The latest ink from the J. Herbin 1670 collection was released last week to much fanfare. I managed to snag a bottle from from Wonder Pens and they had it on my doorstep within a couple days. It made for a fun weekend of playing around with glittery ink.
Caroube de Chypre (Cyprus Carob) is a deep brown ink inspired by the carob pods that founder J. Herbin traded for at the ports in Cyprus during his sailing voyages in the 1700's.
Pen: Noodlers Neponset Goulet 1.5
Ink: J. Herbin Caroube de Chypre
Paper: Rhodia No. 16
Very excited to receive this ink from Wonder Pens. This is a nice warm brown in the red side. J. Herbin did a good job creating a lubricated in. It's saturated and shades. The halo, sheen and sparkles show up more on Tomoe River Paper than Rhodia. At any rate, the ink behaves well. No feathering. Some ghosting and some bleeding if the ink goes down heavy. It's fun to make the lettering sparkly but that means constantly rotating and shaking then pen to keep up the flow of sparkles. The particles otherwise settle really fast. It's annoying in that respect. Otherwise, this is a fun ink to play with.
The shimmer and sheen of the ink really depends several factors: paper, volume, lighting and settlement.
The ink feels smoother going down on TR paper than Rhodia. As well, the shimmer and sheen are much more prominent on TR paper. I can only see green haloing in TR.
On the Rhodia, the redness of the ink is more prominent. The ink appears less saturated and the intensity is muted. I can still get some shimmering, particularly earlier in a writing session.
Pressing down harder to flex the nib tends to lay down more ink and with that, more shimmer. Pooling of ink leads to beautiful shimmer and sheen.
To really appreciate the beauty of this ink, one has to move the paper around. Looking at the page from different angles will bring out differing degrees of sheen and shimmer.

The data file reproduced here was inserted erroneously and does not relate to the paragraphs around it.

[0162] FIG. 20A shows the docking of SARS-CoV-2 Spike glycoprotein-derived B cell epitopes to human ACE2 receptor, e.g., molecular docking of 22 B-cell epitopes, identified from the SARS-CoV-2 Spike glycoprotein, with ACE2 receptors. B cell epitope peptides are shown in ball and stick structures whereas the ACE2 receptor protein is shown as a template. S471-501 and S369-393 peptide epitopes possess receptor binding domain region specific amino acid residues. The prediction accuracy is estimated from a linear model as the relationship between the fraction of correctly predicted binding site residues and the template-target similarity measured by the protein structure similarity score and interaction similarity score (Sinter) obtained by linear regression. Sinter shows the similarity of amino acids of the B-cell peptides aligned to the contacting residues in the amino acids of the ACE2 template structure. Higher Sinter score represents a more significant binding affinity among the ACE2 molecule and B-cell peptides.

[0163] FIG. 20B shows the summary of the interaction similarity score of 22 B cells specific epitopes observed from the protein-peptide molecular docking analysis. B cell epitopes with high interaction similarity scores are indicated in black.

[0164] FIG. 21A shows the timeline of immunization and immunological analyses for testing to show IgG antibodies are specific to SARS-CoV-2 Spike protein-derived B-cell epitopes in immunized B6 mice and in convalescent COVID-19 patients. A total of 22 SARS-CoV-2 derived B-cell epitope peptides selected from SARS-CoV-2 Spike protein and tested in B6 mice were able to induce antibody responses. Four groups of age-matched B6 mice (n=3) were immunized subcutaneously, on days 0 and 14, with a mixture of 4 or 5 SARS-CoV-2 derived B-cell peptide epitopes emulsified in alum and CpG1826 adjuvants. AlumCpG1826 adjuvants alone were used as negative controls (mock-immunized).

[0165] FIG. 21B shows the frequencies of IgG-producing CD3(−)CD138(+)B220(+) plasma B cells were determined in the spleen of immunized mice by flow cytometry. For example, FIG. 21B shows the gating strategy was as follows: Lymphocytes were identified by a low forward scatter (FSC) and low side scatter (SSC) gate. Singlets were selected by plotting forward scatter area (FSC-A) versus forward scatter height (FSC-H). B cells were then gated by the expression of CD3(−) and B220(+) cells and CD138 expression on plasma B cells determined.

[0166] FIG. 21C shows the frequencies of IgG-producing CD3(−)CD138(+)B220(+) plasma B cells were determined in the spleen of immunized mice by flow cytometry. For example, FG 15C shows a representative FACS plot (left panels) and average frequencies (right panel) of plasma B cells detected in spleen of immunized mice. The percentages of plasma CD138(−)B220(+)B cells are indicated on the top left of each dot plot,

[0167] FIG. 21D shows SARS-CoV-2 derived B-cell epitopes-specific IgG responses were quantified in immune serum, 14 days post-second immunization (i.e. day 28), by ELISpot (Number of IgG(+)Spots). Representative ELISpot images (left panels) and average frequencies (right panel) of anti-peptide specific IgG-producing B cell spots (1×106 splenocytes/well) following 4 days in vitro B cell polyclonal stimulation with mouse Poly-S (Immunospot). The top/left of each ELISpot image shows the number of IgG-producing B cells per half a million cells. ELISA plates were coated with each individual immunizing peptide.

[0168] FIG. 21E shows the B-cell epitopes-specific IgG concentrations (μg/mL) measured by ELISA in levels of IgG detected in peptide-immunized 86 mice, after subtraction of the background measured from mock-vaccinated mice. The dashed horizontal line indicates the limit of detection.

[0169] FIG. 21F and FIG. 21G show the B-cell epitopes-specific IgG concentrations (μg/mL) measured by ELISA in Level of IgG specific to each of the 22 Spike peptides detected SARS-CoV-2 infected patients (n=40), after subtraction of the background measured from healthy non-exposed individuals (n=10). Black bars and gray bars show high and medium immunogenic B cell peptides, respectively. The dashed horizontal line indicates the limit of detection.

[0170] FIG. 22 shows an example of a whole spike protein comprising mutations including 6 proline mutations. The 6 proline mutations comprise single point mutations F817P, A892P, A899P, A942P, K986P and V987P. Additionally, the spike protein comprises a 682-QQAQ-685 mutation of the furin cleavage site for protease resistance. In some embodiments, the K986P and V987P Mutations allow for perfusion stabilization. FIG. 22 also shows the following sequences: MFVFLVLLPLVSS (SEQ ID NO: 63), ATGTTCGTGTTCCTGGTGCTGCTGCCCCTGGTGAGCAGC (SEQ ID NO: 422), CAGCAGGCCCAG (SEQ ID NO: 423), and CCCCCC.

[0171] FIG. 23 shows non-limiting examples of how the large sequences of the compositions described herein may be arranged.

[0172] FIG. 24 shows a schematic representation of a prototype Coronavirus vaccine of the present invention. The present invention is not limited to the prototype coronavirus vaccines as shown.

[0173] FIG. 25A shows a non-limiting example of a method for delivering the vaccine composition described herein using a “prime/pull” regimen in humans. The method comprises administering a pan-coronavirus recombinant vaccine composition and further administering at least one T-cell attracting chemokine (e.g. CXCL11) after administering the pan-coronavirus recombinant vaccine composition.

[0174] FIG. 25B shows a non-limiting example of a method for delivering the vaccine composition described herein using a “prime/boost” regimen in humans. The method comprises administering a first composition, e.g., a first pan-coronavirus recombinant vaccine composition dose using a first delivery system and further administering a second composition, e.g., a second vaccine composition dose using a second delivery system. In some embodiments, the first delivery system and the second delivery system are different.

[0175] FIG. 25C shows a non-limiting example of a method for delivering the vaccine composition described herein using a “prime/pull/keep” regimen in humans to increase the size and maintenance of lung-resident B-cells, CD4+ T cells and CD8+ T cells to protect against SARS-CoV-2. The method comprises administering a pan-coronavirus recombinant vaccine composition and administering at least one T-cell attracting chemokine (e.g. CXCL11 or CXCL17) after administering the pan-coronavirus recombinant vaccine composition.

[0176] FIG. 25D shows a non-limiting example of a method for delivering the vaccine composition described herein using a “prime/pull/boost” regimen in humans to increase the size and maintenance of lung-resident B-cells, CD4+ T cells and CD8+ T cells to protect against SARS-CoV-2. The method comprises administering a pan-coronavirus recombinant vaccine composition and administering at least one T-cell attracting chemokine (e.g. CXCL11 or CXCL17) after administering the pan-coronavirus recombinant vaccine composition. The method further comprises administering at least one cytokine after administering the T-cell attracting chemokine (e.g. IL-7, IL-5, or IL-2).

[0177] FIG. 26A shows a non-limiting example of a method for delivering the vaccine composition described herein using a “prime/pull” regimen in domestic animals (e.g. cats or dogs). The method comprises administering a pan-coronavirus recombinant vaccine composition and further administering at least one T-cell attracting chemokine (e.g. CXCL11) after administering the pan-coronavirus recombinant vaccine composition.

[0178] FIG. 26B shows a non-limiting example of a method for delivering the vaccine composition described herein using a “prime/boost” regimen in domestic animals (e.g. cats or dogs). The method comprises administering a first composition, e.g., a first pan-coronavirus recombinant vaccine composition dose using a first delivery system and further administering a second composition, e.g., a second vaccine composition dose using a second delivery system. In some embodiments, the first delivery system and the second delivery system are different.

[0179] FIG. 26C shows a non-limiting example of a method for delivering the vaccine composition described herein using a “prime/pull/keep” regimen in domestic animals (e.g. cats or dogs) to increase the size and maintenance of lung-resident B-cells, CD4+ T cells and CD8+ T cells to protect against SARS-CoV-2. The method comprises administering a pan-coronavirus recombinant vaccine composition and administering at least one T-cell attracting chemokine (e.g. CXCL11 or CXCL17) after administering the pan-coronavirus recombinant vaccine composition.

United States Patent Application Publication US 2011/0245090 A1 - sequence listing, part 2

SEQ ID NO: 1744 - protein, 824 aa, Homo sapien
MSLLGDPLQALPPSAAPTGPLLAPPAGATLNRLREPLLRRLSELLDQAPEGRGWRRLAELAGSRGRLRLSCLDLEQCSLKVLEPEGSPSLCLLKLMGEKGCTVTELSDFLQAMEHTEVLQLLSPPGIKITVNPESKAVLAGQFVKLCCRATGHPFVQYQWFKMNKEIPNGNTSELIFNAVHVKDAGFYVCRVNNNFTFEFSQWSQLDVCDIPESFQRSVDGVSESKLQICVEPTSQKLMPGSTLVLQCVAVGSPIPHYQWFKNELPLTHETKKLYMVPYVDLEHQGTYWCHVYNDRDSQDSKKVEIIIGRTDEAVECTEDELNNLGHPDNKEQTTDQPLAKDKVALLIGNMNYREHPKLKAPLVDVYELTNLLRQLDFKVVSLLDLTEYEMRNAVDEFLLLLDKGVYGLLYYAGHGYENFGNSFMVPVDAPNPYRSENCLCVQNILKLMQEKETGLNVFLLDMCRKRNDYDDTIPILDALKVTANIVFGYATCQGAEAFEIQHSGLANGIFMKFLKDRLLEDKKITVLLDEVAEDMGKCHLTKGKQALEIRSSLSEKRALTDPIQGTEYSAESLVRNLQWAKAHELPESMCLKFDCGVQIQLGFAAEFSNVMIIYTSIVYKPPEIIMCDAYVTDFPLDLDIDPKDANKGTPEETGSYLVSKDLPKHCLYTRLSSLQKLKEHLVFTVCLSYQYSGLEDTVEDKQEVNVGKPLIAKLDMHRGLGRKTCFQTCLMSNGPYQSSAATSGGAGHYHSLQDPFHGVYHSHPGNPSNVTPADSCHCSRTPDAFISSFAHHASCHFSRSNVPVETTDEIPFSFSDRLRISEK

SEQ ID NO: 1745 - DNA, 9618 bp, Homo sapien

By this I mean how much the sparkling particulates have settled. Giving the bottle a good shake is important to suspend the particles before filling. Even so, the sparkles settle extremely fast. I find that I can get more shimmer in the first few words. then I have to give the pen a gentle shake or roll it in my hands to resuspend the particles. This can be a hassle while writing. For this reason, I would only practically use it for special lettering projects or greeting card writing.
So far I've enjoyed playing around with Caroube de Chypre. J. Herbin has managed to create another interesting ink that is generally well behaved. It has beautiful shimmer, shading and sheen.
The sparkles are gimmicky but fun. It adds an element of drama and surprise. Recently I've been introducing fountain pens to the 5 year old daughter of a family friend. She has been delighted by all the different pens and inks that I've been showing her. But when should found out that Caroube de Chypre has sparkles, she was head over heels excited. She couldn't get enough of it and added some Caroube to all her drawings.
What do you think of Caroube de Chypre so far? Will you add this to your ink collection and what would you use it for?